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How to deal with separation anxiety in dogs post-lockdown


How to deal with separation anxiety in dogs post-lockdown

Over the last few months dog owners may have been at home a lot more than usual, spending quality time with their pets. As lockdown restrictions ease,  some people may have returned to their usual daily routines or be looking to in the near future. This could result in some dogs experiencing separation anxiety after having their owners around the home for longer periods of time.


Dogs can experience anxiety and stress from time to time for many reasons but one of the biggest causes is a disruption to their routine. Not only will dogs have had their routine disrupted at the start of lockdown but they now face the same problem as their owners begin to go about their lives again.


It can be hard to know if your dog is experiencing separation anxiety as a lot of the signs can occur when you are apart, like howling or barking, urinating or defecating in the house, and chewing objects and furniture. However, there are ways you can prepare your dog for life after lockdown and ensure the transition is as smooth as can be.


Sleepy pug lying on the back of the sofa


Slowly change your routine

Your dog needs to get used to not being around you all the time so slowly begin to change the daily routine by leaving your dog in another room of the house for short periods of time. Try to slowly increase the time you are apart and when you return to the room, remember to give your dog a treat. By doing this each day, it will help reduce the stress when you return to a normal routine.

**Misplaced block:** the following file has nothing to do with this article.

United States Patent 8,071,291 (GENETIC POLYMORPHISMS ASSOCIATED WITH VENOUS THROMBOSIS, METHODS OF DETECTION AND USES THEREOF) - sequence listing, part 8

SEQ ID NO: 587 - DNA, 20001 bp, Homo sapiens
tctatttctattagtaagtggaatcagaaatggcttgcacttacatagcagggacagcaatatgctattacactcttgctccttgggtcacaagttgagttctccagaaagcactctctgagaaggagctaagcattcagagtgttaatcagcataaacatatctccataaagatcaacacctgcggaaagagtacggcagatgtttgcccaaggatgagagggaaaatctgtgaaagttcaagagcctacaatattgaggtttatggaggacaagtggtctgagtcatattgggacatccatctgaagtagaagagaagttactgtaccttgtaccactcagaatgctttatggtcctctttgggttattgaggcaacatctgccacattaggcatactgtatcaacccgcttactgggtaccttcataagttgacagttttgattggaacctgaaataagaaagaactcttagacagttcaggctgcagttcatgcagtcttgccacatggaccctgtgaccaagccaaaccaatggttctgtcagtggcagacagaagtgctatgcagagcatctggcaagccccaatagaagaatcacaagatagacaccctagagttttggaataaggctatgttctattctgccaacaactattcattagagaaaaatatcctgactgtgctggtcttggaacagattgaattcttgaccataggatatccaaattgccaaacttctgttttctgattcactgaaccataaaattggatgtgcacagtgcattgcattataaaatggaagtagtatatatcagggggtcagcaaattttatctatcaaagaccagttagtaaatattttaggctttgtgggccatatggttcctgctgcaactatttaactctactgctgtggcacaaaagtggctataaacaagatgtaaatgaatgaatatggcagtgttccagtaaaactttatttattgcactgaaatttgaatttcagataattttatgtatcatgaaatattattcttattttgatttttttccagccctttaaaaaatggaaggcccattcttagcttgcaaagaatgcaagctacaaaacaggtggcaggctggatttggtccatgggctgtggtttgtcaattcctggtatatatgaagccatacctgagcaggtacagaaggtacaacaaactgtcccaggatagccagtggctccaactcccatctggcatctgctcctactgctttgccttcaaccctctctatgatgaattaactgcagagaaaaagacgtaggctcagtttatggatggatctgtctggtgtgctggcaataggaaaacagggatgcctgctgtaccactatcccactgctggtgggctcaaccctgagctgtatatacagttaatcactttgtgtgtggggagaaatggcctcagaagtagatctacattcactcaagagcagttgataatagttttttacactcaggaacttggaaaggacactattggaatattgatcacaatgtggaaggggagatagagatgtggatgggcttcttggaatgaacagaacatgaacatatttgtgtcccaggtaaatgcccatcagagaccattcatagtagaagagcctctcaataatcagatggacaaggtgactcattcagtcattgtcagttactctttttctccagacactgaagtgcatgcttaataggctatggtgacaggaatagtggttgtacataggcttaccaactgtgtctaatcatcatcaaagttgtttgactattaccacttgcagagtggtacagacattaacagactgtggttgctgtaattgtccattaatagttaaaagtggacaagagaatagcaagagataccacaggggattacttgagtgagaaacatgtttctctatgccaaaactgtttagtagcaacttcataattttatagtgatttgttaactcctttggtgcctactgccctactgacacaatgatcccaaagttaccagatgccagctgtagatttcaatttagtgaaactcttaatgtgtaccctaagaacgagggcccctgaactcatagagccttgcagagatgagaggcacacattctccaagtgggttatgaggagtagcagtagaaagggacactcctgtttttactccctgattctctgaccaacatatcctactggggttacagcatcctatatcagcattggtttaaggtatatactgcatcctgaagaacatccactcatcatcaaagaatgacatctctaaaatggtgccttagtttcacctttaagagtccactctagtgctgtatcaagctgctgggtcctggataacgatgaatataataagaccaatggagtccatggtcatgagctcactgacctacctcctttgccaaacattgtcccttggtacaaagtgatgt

Monitor your dog through a pet camera

Setting up a video camera allows you to check in on your dog and can alert you to when they are distressed or barking via a smartphone app. Some pet cameras include a treat dispenser so you can reward your pooch, and some offer a two-way speaker so you can talk to your dog if they are howling or pacing around the room. Hearing your voice may help calm them down but in some cases it can confuse the dog if they think you’re home, so if this happens disable this function.


Create a safe space for your dog

Having a space of their own within the home will help your dog when they feel anxious or stressed. This could be a den with items such as their favourite toy or a piece of clothing with your scent on it, which can provide comfort to them in your absence. Be sure to leave a chew toy or a dog puzzle which will keep them occupied and help pass the time. Having something to help stimulate their mind will allow them to stay focused, rather than wondering when their owner will return home.


As you return to a normal routine your dog may not be as affected by separation anxiety and may adjust to life after lockdown pretty well, but it’s best to have some preparation in place beforehand to limit any anxious feelings. By following these tips, you can help manage your dog’s stress levels and adapt easily to a new routine.

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